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Bending
body awareness

By Barb Frye

Originally published in Massage Bodywork magazine, Jan/Feb 2010. Associated Bodywork and Massage Professionals. All rights reserved.

Whether standing or sitting, bending is a function that you constantly use as a manual therapist. There is no way to avoid bending, primarily because manual therapy requires you to transfer your work from a vertical position to a horizontal one.

That is, you are standing or sitting vertically while working with a client who is lying down (horizontally). Given that many manual therapists work several hours a day, most days of the week, it is no wonder that working in a safe and comfortable bent position is the number one body mechanic challenge facing manual therapists.

How do you meet this challenge and find an ergonomically sound bending posture? First you identify the part of your back from which you habitually bend. You then learn a healthy bending alternative that uses your hip joints, knees, and ankles. Once learned, you can practice flexing from your lower body joints every time you bend over your massage table. In a short amount of time, you'll be bending with ease and you'll notice that the ache in your back is gone.


Self-Observation #1
Bending From The Back

Action. Stand next to your table. Reach your hands toward your table, bending forward using your neck, upper back, and shoulders.

Feel. Notice how the muscles in your neck, upper back, and shoulders feel as you make this movement.

Ask. Do you feel the effort in your neck? Upper back? Shoulders? Do you feel effort in other areas of your body?

Feel. Notice if bending in this manner feels familiar to you.

Ask. Would you consider your neck, upper back, and shoulders to be the place in your back from where you habitually bend ?

Action. Stand again as before, then reach your hands toward your table, this time bending from your mid-back. Your shoulders will also be involved in the movement, but try to initiate the bending from the middle of your back.

Notice. Sense how your mid-back and chest feel as you make this movement.

Ask. Do you feel effort in your mid-back? Do you feel effort or a collapsing in your chest? How does bending in this way affect your breathing?

Feel. Notice if bending in this manner feels familiar to you.

Ask. Would you say that you habitually bend from your mid-back?

Action. Finally, stand as before and reach your hands toward your table, bending from your low back. Your upper and mid-back will bend, too, but initiate the bending from your lower back.

Feel. Notice how your low back, abdomen, legs, and feet feel as you make this movement.

Ask. Do you feel effort in your low back? In your abdomen? In your legs or feet? Do you feel effort in other areas of your body?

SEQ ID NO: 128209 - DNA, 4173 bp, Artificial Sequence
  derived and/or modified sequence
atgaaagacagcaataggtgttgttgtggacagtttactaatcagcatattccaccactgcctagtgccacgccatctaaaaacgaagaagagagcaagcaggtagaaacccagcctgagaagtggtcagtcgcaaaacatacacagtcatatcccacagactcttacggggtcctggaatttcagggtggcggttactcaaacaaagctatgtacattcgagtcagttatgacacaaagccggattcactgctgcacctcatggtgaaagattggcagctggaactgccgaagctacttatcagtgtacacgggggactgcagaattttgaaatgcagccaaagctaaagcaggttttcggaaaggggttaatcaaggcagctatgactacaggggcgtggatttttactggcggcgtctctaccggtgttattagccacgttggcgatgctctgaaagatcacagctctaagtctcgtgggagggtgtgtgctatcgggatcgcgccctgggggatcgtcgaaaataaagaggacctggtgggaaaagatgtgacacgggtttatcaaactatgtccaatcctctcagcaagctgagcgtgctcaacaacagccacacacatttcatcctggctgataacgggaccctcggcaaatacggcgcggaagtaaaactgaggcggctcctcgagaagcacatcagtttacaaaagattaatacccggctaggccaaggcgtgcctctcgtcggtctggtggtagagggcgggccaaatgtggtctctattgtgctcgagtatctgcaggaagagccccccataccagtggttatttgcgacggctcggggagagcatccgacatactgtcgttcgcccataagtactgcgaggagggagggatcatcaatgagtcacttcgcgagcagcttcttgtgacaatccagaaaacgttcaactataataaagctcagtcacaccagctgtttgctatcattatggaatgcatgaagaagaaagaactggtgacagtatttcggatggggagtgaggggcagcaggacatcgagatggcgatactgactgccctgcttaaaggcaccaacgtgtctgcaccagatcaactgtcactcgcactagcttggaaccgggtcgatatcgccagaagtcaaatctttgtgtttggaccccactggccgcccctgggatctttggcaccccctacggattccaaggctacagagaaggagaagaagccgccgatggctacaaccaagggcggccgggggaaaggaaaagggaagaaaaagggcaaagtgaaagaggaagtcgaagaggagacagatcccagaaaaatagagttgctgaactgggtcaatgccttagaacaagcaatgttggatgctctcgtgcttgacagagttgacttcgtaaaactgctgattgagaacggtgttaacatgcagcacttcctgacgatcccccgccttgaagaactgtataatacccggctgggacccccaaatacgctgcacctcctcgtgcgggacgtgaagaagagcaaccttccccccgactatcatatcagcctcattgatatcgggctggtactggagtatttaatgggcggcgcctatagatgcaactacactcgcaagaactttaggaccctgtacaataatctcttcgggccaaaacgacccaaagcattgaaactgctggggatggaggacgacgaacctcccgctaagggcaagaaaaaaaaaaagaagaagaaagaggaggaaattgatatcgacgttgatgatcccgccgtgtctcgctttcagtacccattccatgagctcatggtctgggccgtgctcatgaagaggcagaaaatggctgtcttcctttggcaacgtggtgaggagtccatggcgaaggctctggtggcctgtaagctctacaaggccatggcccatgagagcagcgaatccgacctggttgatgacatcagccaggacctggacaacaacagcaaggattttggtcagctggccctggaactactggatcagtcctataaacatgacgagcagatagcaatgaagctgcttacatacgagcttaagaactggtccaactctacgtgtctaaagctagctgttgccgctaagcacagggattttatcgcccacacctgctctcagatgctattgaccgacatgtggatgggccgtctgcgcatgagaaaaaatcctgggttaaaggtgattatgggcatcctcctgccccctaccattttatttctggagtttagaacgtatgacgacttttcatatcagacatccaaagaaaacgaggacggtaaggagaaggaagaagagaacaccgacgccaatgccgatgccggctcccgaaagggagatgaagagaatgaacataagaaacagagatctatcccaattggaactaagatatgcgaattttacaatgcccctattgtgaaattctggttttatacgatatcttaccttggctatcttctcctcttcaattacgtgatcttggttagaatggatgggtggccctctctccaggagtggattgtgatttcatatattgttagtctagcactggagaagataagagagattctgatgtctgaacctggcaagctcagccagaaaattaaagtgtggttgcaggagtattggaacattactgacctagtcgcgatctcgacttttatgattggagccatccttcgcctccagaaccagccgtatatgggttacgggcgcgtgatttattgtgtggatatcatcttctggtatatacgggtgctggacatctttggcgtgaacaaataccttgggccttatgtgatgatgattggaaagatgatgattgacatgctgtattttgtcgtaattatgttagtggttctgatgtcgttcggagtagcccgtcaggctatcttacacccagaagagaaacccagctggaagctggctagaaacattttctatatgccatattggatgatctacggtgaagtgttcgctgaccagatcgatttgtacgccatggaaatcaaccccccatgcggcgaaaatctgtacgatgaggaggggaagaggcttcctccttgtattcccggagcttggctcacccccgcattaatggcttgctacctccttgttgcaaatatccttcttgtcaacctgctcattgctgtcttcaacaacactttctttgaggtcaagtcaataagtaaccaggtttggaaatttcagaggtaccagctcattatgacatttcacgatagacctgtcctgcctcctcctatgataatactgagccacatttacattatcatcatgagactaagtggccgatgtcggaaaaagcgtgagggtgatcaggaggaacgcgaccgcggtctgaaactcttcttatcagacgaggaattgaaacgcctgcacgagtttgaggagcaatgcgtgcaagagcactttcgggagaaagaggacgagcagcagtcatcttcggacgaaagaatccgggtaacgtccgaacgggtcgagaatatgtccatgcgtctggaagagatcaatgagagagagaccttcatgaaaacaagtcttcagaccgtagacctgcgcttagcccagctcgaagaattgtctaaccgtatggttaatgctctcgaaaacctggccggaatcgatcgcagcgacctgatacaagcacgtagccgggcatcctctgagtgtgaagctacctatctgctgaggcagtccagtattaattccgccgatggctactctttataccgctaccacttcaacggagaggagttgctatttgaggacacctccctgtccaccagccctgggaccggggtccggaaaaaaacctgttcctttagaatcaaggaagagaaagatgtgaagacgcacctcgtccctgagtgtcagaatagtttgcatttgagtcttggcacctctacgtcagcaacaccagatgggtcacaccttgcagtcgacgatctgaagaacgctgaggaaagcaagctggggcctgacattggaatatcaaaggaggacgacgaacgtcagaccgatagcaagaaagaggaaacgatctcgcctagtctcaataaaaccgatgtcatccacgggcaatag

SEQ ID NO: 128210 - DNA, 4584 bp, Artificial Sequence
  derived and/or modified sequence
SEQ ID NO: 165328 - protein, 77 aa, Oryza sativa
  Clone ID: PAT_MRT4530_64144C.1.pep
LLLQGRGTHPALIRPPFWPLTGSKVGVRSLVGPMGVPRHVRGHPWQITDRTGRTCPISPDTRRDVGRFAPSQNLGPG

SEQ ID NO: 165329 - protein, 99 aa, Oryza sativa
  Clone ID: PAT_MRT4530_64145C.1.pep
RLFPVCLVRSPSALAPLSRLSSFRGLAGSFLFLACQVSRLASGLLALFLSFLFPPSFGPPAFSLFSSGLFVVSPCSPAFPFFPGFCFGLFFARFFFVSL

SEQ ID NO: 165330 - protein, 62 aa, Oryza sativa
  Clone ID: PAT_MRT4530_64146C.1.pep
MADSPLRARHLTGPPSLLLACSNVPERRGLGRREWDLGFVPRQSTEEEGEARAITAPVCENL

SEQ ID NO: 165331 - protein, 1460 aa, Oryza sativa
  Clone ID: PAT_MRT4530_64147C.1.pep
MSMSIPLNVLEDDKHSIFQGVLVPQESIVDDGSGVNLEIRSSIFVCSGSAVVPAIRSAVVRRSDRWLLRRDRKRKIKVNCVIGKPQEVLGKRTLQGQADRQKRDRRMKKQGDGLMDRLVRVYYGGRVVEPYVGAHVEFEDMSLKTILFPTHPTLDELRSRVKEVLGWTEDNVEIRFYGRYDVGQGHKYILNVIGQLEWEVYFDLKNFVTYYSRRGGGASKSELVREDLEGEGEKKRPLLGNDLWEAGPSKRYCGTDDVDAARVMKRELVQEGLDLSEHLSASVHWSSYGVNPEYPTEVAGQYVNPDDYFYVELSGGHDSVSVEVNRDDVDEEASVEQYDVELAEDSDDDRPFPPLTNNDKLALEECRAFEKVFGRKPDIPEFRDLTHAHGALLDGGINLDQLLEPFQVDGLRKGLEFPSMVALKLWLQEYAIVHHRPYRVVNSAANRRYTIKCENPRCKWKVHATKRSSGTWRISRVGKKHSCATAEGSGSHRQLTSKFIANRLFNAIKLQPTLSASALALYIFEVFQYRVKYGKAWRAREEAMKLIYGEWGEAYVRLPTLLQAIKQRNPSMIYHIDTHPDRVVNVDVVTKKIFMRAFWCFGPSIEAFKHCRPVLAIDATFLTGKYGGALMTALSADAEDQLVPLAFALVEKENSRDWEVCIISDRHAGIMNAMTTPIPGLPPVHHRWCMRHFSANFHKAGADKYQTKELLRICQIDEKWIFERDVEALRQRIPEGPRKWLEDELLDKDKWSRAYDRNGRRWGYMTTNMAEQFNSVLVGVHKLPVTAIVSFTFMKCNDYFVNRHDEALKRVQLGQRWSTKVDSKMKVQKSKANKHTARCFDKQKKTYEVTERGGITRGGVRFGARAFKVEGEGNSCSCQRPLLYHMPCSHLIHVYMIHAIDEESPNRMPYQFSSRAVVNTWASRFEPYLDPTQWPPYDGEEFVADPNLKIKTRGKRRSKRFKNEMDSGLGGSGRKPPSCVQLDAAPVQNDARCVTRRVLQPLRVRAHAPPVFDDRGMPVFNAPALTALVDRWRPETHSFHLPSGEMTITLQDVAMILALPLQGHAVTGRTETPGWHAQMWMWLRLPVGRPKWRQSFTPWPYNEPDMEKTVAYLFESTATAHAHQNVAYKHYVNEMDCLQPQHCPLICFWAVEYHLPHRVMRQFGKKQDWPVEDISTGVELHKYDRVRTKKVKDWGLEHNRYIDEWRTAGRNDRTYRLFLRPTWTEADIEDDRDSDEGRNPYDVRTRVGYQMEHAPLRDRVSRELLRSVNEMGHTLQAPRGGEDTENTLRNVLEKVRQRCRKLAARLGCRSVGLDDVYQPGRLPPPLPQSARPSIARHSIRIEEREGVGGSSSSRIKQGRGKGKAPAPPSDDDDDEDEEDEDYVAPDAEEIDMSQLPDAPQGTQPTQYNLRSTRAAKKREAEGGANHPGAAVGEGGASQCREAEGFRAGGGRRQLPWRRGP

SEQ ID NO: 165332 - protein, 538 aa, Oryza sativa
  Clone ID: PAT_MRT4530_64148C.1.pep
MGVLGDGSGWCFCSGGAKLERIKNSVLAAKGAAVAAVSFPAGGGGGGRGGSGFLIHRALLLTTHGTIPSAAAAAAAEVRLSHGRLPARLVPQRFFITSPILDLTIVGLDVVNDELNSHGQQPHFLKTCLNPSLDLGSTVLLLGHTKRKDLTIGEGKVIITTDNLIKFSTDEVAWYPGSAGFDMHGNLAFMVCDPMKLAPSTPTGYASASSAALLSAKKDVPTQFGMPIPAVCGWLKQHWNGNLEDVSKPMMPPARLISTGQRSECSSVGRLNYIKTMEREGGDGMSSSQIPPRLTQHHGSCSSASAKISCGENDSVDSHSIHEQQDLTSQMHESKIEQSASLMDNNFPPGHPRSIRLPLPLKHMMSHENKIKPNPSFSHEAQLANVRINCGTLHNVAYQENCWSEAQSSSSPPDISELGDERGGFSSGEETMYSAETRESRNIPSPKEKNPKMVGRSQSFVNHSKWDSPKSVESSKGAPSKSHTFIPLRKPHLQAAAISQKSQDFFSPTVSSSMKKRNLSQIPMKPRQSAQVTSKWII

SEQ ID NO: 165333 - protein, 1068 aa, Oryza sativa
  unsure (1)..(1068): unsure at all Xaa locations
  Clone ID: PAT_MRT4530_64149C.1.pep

Feel. Notice if bending in this manner feels familiar to you.

Ask. Would you say that you habitually bend from your low back?

Now that you have identified the area in your back from which you typically bend, you can be more aware of when you are bending from this place while working. The following Self-Observation will teach you how to bend more ergonomically, using your hip joints, knees, and ankles.

Give yourself some feedback. What part of your back did you identify as the place from which you habitually bend?


Self-Observation #2
Bending From The Hip Joints

Action. Stand next to your table, using a parallel stance. Bring your hands to your table and bend using your hip joints, knees, and ankles. As you bend your upper body forward, keep your spine in a neutral position.

Continue to reach toward your table several times, bending from your hip joints. If you find that you begin to bend from your spine, stop the bending, bringing your back into a neutral position again. Each time you bend, become clearer that you are bending from your hip joints and not your back.

Ask. Do you sense more ease of movement in your arms? In your shoulders and neck? Does your back feel more relaxed?

Action. Stand now in a one-foot-forward stance. Bring your hands to your table, bending from your hip joints. Even though you are using a different stance, continue to bend both knees and ankles.

Continue to reach toward your table, switching between this and a parallel stance. Take as much time as you need to become comfortable with bending from your hip joints.

Bending from your hip joints liberates your back. Instead of being recruited for bending, the muscles of the spine and back can support and facilitate the fine and skillful work of your therapy.This, in turn, leaves the hard work of bending to the capable hip flexors. Give yourself some feedback.

Compare the differences between bending from your back and from your hip joints. How can bending from your hip joints improve the overall quality of your body mechanics?

Barbara Frye has been a massage educator and therapist since 1990. She coordinated IBM's body mechanics program and authored Body Mechanics for Manual Therapists: A Functional Approach to Self-Care,
3rd edition. She has a massage and Feldenkrais practice at the Pluspunkt Center for Therapy and Advanced Studies near Zurich, Switzerland. Contact her at barbfrye@hotmail.com.




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